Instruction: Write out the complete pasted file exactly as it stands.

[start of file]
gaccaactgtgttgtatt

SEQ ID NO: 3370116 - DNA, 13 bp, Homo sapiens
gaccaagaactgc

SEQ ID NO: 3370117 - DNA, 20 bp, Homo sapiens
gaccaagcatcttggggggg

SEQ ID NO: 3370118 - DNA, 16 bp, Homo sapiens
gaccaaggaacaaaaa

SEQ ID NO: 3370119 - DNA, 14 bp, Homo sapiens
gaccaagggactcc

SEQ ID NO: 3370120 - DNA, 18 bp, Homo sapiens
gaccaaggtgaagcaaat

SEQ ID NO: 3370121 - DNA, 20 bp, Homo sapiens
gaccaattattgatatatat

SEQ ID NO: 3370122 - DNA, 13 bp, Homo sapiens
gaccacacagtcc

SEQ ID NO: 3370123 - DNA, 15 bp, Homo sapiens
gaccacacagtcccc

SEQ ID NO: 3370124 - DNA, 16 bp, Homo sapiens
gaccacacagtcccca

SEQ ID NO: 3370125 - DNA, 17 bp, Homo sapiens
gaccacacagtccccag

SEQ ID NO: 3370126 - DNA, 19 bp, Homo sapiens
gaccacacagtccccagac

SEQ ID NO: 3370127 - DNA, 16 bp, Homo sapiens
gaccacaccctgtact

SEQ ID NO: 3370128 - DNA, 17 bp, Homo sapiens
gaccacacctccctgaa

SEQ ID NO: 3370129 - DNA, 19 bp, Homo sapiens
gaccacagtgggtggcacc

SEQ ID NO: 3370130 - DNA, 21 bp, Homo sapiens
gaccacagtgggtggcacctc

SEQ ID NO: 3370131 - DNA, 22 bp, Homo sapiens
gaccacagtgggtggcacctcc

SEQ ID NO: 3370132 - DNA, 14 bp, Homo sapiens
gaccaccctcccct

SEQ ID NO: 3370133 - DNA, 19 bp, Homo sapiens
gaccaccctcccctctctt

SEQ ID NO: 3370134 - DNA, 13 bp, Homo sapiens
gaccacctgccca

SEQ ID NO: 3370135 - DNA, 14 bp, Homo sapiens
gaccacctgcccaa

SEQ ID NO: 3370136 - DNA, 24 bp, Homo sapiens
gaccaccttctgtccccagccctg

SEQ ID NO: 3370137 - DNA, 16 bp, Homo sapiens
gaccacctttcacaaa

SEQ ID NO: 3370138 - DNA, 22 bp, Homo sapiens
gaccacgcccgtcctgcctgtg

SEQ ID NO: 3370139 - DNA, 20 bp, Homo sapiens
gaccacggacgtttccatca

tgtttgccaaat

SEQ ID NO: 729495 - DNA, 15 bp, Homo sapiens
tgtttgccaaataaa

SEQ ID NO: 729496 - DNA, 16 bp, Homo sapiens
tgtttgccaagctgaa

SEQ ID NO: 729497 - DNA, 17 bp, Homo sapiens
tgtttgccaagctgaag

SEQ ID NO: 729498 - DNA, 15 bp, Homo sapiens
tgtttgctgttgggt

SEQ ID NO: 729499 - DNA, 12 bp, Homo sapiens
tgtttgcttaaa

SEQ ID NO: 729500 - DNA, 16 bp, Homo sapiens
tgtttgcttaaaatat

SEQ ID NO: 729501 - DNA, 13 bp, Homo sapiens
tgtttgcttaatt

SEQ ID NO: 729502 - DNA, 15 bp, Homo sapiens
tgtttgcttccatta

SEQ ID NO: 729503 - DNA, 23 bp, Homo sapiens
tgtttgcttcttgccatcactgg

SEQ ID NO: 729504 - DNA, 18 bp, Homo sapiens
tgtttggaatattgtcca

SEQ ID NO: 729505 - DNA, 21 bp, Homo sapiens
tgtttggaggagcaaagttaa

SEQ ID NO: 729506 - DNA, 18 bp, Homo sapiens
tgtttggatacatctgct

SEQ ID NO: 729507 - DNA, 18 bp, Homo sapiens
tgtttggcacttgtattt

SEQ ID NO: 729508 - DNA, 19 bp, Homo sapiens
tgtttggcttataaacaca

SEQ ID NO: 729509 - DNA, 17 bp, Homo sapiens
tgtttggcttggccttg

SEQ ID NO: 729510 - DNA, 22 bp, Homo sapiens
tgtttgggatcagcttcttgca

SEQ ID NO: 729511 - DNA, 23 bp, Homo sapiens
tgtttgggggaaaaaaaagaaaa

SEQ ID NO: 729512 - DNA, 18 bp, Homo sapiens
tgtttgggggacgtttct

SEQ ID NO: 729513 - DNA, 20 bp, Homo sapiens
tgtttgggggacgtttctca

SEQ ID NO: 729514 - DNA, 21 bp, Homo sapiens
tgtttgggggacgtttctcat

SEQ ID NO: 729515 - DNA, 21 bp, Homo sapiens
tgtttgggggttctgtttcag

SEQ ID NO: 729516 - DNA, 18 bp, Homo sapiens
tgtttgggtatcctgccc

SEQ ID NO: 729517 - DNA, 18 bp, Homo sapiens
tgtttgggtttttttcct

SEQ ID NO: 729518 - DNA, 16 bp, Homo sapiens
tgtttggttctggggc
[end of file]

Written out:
gaccaactgtgttgtatt

SEQ ID NO: 3370116 - DNA, 13 bp, Homo sapiens
gaccaagaactgc

SEQ ID NO: 3370117 - DNA, 20 bp, Homo sapiens
gaccaagcatcttggggggg

SEQ ID NO: 3370118 - DNA, 16 bp, Homo sapiens
gaccaaggaacaaaaa

SEQ ID NO: 3370119 - DNA, 14 bp, Homo sapiens
gaccaagggactcc

SEQ ID NO: 3370120 - DNA, 18 bp, Homo sapiens
gaccaaggtgaagcaaat

SEQ ID NO: 3370121 - DNA, 20 bp, Homo sapiens
gaccaattattgatatatat

SEQ ID NO: 3370122 - DNA, 13 bp, Homo sapiens
gaccacacagtcc

SEQ ID NO: 3370123 - DNA, 15 bp, Homo sapiens
gaccacacagtcccc

SEQ ID NO: 3370124 - DNA, 16 bp, Homo sapiens
gaccacacagtcccca

SEQ ID NO: 3370125 - DNA, 17 bp, Homo sapiens
gaccacacagtccccag

SEQ ID NO: 3370126 - DNA, 19 bp, Homo sapiens
gaccacacagtccccagac

SEQ ID NO: 3370127 - DNA, 16 bp, Homo sapiens
gaccacaccctgtact

SEQ ID NO: 3370128 - DNA, 17 bp, Homo sapiens
gaccacacctccctgaa

SEQ ID NO: 3370129 - DNA, 19 bp, Homo sapiens
gaccacagtgggtggcacc

SEQ ID NO: 3370130 - DNA, 21 bp, Homo sapiens
gaccacagtgggtggcacctc

SEQ ID NO: 3370131 - DNA, 22 bp, Homo sapiens
gaccacagtgggtggcacctcc

SEQ ID NO: 3370132 - DNA, 14 bp, Homo sapiens
gaccaccctcccct

SEQ ID NO: 3370133 - DNA, 19 bp, Homo sapiens
gaccaccctcccctctctt

SEQ ID NO: 3370134 - DNA, 13 bp, Homo sapiens
gaccacctgccca

SEQ ID NO: 3370135 - DNA, 14 bp, Homo sapiens
gaccacctgcccaa

SEQ ID NO: 3370136 - DNA, 24 bp, Homo sapiens
gaccaccttctgtccccagccctg

SEQ ID NO: 3370137 - DNA, 16 bp, Homo sapiens
gaccacctttcacaaa

SEQ ID NO: 3370138 - DNA, 22 bp, Homo sapiens
gaccacgcccgtcctgcctgtg

SEQ ID NO: 3370139 - DNA, 20 bp, Homo sapiens
gaccacggacgtttccatca

tgtttgccaaat

SEQ ID NO: 729495 - DNA, 15 bp, Homo sapiens
tgtttgccaaataaa

SEQ ID NO: 729496 - DNA, 16 bp, Homo sapiens
tgtttgccaagctgaa

SEQ ID NO: 729497 - DNA, 17 bp, Homo sapiens
tgtttgccaagctgaag

SEQ ID NO: 729498 - DNA, 15 bp, Homo sapiens
tgtttgctgttgggt

SEQ ID NO: 729499 - DNA, 12 bp, Homo sapiens
tgtttgcttaaa

SEQ ID NO: 729500 - DNA, 16 bp, Homo sapiens
tgtttgcttaaaatat

SEQ ID NO: 729501 - DNA, 13 bp, Homo sapiens
tgtttgcttaatt

SEQ ID NO: 729502 - DNA, 15 bp, Homo sapiens
tgtttgcttccatta

SEQ ID NO: 729503 - DNA, 23 bp, Homo sapiens
tgtttgcttcttgccatcactgg

SEQ ID NO: 729504 - DNA, 18 bp, Homo sapiens
tgtttggaatattgtcca

SEQ ID NO: 729505 - DNA, 21 bp, Homo sapiens
tgtttggaggagcaaagttaa

SEQ ID NO: 729506 - DNA, 18 bp, Homo sapiens
tgtttggatacatctgct

SEQ ID NO: 729507 - DNA, 18 bp, Homo sapiens
tgtttggcacttgtattt

SEQ ID NO: 729508 - DNA, 19 bp, Homo sapiens
tgtttggcttataaacaca

SEQ ID NO: 729509 - DNA, 17 bp, Homo sapiens
tgtttggcttggccttg

SEQ ID NO: 729510 - DNA, 22 bp, Homo sapiens
tgtttgggatcagcttcttgca

SEQ ID NO: 729511 - DNA, 23 bp, Homo sapiens
tgtttgggggaaaaaaaagaaaa

SEQ ID NO: 729512 - DNA, 18 bp, Homo sapiens
tgtttgggggacgtttct

SEQ ID NO: 729513 - DNA, 20 bp, Homo sapiens
tgtttgggggacgtttctca

SEQ ID NO: 729514 - DNA, 21 bp, Homo sapiens
tgtttgggggacgtttctcat

SEQ ID NO: 729515 - DNA, 21 bp, Homo sapiens
tgtttgggggttctgtttcag

SEQ ID NO: 729516 - DNA, 18 bp, Homo sapiens
tgtttgggtatcctgccc

SEQ ID NO: 729517 - DNA, 18 bp, Homo sapiens
tgtttgggtttttttcct

SEQ ID NO: 729518 - DNA, 16 bp, Homo sapiens
tgtttggttctggggc